I just watched a tolerable ruby conference video by Tom Lee on Rapid Programming Language Prototypes with Ruby & Racc.
What he showed he showed fairly well. His decision to "introduce compiler theory" was, he admitted, last-minute and the hesitation in its delivery bore testimony to that. The demonstration of the compiler pipeline using his intended tools (ruby and racc) was done quite well with a natural progression through the dependent concepts along the way. By the end of the talk he has a functional compiler construction tool chain going from EBNF-ish grammar through to generated (and using gcc, compiled) C code.
I was surprised that nobody in the audience asked the question I was burning to ask from half way through the live-coding session: Why not use Treetop? (or the more generic: why not use a peg parser generator or a parser generator that does more of the heavy lifting for you?)
The whole point of Tom's presentation is: use ruby+racc because it saves you from all the headaches of setting up the equivalent tool chain in C/C++. And it does, he's right. But it feels to me that Treetop does even more of that hard work for you, allowing you to more quickly get to the fun part of actually building your new language. I'm angling for simplicity here.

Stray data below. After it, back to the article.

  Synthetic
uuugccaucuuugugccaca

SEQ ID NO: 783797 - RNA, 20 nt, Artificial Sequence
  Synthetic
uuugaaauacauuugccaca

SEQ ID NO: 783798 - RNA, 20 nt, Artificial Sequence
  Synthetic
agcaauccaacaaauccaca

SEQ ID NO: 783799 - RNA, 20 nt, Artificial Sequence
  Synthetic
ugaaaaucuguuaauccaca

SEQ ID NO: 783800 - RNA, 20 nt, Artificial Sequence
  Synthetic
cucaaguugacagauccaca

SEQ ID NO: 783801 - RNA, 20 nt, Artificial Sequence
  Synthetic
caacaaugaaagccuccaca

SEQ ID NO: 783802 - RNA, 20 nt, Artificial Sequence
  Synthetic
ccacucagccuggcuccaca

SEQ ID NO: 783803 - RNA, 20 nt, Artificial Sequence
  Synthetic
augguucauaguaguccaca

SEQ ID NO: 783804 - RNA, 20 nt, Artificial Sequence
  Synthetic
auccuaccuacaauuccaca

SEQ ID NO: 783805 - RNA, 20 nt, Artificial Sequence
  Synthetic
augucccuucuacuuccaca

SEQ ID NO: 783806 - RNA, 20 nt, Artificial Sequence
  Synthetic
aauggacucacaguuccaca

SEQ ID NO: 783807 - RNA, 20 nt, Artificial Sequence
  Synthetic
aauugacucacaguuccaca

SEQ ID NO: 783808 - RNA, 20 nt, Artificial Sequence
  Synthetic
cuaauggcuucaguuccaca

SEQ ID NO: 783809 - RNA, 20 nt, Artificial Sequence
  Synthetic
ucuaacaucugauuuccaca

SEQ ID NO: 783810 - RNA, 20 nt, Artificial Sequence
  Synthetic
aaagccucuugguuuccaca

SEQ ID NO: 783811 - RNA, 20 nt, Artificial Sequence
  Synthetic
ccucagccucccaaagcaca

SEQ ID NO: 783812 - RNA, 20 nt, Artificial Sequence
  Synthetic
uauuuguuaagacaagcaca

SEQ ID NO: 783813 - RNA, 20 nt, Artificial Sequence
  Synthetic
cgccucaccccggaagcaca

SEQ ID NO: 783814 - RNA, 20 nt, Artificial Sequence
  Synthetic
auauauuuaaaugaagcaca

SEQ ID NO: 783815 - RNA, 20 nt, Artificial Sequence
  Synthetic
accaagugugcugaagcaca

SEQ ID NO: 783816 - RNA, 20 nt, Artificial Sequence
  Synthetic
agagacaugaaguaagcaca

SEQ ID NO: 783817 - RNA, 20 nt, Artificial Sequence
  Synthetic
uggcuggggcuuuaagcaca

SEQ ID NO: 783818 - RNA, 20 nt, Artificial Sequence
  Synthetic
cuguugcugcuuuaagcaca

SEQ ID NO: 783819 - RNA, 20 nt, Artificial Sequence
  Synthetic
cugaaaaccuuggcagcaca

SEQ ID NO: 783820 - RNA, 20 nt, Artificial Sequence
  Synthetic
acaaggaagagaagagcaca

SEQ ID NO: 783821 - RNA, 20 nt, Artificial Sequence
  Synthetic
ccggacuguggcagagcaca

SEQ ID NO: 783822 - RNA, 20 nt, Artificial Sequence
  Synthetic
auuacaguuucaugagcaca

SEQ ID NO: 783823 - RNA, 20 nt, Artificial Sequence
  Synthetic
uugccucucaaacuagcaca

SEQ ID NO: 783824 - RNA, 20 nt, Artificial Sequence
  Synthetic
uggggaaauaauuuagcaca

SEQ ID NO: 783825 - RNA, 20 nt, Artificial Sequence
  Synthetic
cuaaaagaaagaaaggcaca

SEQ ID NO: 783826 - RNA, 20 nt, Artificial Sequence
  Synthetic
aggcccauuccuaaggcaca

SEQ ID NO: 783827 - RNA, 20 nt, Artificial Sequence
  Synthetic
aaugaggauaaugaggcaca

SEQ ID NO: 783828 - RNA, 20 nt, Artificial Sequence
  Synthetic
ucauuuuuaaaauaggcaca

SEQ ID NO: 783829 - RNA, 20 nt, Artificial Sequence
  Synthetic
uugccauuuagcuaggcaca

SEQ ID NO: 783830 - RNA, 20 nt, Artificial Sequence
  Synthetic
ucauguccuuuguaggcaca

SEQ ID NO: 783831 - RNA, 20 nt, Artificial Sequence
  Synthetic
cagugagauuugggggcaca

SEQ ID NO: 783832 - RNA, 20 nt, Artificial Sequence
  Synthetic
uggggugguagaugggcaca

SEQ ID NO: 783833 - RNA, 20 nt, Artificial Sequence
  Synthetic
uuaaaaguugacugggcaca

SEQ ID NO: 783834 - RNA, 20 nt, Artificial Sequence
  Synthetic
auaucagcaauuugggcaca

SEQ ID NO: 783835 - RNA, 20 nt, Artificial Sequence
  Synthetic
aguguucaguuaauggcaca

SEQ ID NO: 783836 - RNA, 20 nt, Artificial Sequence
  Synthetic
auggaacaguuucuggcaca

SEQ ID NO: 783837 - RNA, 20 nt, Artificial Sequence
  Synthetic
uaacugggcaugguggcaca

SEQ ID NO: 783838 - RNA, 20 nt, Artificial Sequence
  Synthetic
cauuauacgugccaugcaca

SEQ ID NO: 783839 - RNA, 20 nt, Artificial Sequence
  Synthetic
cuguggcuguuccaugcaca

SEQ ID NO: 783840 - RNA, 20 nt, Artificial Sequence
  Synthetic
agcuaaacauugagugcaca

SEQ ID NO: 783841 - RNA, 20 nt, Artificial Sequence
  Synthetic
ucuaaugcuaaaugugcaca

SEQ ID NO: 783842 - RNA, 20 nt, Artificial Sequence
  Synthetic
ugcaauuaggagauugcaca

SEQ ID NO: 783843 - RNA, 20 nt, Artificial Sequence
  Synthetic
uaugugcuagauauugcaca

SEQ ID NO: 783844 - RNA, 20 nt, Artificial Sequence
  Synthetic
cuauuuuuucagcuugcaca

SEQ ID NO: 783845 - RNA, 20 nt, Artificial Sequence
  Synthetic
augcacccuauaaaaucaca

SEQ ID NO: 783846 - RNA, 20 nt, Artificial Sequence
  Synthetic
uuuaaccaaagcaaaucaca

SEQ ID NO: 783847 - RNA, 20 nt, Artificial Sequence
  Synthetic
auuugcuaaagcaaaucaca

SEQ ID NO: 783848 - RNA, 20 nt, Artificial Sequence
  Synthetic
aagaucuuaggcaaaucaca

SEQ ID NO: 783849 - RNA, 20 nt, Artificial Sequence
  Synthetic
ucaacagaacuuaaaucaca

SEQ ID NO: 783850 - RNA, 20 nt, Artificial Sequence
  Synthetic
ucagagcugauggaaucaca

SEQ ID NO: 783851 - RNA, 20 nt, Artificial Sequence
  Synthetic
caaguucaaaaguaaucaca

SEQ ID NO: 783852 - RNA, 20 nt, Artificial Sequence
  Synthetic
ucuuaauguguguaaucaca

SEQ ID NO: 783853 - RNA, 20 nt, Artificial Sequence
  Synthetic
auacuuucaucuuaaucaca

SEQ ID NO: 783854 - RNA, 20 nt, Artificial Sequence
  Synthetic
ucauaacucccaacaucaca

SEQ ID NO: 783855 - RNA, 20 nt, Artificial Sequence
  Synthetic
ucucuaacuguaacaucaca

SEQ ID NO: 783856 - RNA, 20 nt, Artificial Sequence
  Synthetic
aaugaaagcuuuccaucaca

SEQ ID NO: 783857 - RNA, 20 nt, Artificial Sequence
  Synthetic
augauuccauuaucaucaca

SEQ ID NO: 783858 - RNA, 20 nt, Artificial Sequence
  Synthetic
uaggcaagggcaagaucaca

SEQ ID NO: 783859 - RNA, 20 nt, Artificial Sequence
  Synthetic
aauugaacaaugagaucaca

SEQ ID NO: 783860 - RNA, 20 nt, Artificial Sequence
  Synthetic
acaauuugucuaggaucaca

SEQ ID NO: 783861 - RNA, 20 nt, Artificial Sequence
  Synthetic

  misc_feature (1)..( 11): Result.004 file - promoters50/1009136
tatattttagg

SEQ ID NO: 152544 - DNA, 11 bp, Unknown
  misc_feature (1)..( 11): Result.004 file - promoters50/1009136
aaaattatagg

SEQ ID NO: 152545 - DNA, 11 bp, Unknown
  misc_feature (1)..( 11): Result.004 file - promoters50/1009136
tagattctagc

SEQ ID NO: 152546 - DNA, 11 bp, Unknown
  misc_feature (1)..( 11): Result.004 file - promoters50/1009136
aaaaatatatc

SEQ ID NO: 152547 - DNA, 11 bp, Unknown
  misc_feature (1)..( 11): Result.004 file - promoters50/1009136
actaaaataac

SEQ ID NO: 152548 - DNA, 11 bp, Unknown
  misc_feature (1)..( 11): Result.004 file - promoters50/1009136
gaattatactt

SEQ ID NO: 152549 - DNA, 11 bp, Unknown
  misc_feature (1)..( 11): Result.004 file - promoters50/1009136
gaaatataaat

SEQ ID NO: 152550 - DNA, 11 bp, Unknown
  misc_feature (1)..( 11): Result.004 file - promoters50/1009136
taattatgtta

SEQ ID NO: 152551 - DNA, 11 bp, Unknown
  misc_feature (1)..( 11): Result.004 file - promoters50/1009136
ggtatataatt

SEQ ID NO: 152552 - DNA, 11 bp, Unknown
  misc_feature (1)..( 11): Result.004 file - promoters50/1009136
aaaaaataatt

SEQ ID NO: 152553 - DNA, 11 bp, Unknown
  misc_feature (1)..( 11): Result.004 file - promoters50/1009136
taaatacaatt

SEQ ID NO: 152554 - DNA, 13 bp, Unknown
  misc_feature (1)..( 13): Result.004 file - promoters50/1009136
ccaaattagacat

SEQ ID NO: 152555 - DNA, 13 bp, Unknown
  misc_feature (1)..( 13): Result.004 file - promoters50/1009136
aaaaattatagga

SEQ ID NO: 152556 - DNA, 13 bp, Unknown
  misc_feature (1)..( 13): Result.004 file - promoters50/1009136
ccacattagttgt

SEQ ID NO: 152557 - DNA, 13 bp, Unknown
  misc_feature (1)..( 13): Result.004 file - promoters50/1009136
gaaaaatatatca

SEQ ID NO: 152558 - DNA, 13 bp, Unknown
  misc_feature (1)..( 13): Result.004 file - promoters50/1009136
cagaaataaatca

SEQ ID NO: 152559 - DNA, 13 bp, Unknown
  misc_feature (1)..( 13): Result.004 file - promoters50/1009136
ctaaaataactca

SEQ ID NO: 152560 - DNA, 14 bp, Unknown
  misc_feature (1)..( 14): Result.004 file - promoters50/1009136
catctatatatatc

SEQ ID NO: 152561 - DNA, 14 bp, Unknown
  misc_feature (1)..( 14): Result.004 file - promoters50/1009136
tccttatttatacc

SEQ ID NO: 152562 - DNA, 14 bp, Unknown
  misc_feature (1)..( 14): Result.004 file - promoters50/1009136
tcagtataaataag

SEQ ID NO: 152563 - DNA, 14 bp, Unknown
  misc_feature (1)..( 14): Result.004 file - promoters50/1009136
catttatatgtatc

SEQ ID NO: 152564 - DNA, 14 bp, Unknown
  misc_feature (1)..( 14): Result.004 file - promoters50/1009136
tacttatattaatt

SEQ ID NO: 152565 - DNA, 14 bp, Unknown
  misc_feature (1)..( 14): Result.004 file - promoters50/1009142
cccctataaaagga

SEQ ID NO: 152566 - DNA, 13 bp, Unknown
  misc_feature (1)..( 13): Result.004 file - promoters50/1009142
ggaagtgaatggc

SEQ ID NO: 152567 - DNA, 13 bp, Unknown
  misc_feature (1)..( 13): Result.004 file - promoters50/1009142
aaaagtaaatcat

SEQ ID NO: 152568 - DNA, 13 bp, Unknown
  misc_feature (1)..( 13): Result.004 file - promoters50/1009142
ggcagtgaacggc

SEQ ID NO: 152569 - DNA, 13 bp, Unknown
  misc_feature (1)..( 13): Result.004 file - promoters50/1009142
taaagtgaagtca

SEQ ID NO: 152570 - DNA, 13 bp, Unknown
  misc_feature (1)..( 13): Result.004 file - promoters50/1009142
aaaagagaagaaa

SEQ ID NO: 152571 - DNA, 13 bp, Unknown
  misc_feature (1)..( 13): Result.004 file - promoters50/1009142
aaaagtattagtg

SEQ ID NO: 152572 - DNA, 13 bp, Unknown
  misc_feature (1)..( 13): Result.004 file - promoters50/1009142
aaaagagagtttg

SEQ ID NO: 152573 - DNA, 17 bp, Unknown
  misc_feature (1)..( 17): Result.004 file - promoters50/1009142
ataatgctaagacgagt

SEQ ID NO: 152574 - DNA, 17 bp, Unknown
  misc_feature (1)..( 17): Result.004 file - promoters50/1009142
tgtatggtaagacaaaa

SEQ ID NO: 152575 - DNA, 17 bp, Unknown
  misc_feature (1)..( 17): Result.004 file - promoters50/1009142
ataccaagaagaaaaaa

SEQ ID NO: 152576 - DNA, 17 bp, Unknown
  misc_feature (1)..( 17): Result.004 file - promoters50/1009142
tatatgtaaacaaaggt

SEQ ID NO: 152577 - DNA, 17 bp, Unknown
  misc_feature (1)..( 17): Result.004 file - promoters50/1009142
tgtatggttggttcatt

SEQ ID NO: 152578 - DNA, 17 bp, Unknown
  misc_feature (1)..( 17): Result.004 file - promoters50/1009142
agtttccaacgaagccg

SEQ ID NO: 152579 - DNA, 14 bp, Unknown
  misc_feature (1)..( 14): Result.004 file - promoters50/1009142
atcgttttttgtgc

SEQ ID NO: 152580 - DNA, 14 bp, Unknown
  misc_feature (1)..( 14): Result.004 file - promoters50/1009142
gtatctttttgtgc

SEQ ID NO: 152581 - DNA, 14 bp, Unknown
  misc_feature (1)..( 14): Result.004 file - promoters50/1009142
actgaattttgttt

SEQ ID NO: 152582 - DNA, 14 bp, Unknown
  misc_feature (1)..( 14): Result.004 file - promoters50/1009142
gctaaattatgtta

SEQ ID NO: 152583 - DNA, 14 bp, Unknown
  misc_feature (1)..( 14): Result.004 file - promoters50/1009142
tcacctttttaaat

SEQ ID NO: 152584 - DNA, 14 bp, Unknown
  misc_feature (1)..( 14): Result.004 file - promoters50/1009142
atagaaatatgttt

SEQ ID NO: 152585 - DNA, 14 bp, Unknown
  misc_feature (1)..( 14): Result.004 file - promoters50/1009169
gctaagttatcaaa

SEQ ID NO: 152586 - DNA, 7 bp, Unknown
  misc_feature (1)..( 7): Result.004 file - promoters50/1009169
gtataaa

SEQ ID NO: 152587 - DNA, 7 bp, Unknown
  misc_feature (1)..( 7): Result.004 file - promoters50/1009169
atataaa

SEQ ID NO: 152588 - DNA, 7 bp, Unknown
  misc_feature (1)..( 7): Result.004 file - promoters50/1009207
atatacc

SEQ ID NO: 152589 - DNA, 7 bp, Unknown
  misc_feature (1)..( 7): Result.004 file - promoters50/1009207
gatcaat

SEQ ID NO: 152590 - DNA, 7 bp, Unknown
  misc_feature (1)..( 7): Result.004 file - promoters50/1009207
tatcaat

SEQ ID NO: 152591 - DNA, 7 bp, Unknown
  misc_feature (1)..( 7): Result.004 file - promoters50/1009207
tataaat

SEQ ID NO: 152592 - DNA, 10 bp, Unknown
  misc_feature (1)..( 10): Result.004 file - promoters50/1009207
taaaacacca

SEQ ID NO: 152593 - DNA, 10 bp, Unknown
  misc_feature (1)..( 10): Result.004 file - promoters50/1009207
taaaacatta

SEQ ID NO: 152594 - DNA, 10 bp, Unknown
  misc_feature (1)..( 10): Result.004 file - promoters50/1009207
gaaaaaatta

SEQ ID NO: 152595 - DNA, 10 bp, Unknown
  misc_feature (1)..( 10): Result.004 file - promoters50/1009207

I could be wrong, though, so let me ask it here (as Confreaks seems to not allow comments): Why not treetop (or an equally 'simple' parser generator) for something like this? (and answers along the lines of EBNF > PEG are not really what I'm after, but if you have a concrete example of that I'd like to hear it too.)
On a completely separate note: Tom, you need to add some flying love to your Vim habits. :-)